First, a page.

Arthur, who has been dubbed a "climate villain" by Environmental Defence, is listed first on the donor page of the institute, along with other members of his family and Irving Oil and the Irving Foundation, the family’s charity.
Ultimately, the report calls for the institute to be renamed Dartmouth’s Center for Climate Futures, the removal of Irving Oil and ExxonMobil members from the institute's advisory board, the exclusion of fossil fuel companies from recruiting on campus, and not allowing research to be funded by fossil fuel companies or their donations to be accepted by the institution and more.
Arthur’s daughter Sarah Irving, who was listed as executive vice-president of Irving Oil until recently, is listed on the advisory board of the institute along with her mother Sandra Irving. She graduated from Dartmouth in 2010 and also sits on the school's Young Alumni Advisory Board.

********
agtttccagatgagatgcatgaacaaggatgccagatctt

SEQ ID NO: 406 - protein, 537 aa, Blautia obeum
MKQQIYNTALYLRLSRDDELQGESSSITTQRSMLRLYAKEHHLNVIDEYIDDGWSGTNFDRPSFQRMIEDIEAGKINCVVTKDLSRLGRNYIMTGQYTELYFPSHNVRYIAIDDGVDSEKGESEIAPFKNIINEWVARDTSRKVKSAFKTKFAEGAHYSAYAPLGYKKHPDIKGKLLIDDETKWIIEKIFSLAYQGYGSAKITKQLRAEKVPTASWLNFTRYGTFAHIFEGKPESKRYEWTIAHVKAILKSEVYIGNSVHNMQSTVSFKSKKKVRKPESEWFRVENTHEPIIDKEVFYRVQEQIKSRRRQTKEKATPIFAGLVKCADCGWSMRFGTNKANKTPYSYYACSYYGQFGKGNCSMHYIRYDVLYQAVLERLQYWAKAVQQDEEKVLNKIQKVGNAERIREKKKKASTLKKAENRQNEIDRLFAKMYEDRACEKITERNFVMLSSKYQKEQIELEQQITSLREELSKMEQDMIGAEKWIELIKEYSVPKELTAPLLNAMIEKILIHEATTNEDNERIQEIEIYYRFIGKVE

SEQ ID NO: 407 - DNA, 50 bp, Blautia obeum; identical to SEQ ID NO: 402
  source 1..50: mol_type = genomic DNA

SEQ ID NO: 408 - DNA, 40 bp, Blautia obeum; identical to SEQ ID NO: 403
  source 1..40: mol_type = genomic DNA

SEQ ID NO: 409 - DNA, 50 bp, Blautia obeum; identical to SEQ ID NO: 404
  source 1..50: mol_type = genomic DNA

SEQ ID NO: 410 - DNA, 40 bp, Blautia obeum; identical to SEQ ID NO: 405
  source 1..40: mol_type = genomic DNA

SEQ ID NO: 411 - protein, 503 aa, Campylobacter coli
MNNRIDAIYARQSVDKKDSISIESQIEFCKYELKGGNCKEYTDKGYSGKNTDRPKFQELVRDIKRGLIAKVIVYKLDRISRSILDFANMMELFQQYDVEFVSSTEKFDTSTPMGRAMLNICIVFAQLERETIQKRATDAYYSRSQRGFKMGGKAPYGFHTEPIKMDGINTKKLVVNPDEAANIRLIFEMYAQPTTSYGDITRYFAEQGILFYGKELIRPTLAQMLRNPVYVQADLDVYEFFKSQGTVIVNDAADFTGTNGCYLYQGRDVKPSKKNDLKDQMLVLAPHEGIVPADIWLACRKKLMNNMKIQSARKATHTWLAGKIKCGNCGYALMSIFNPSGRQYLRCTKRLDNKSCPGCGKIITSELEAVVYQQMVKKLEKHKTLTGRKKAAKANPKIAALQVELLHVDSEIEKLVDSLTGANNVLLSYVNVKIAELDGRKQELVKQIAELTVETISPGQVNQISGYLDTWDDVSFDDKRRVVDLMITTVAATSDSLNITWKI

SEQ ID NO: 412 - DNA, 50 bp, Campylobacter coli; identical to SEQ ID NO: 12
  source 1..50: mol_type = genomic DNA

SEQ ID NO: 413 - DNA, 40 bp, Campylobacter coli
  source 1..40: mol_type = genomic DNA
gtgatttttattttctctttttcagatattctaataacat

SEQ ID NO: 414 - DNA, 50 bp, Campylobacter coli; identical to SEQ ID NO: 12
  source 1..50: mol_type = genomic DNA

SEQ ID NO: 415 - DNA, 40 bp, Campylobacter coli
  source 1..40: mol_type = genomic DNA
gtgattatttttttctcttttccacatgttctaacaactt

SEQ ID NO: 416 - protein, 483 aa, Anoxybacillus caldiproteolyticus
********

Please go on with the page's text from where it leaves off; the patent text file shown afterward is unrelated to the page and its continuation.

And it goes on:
The report’s findings include the results of 30 conversations with faculty, students, alumni and staff from Dartmouth about the Irving Institute, looking into the school’s claim that the financial support from the Irvings includes an agreement around academic freedom. The findings say that research, for the most part, was independent and conducted without interference or influence.
However, the report did highlight the Seed Grant Program, which handed out about US$750,000 in research funding between 2019 and 2021. The report notes recipients of the grants “unanimously claimed that the institute has no say on research outcomes after the grant is awarded. However, some faculty felt that the Irving Institute had a ‘heavy hand’ in determining their scope of research.”
According to the report, biology professor Caitlin Hicks Pries said: “I was really surprised by the amount of power one person [a former Irving Institute staff member] seemed to have over what was getting funded... It was really weird. I had never experienced that.”
“While we recognize the benefits of an energy institute on campus, this is not tantamount to endorsing Irving Oil’s funding,” reads the report.
“We believe there is an alternate scenario where Dartmouth — as one of the wealthiest academic institutions in the world with a vast alumni network — could have chosen to establish an energy institute without accepting funding from Irving Oil.”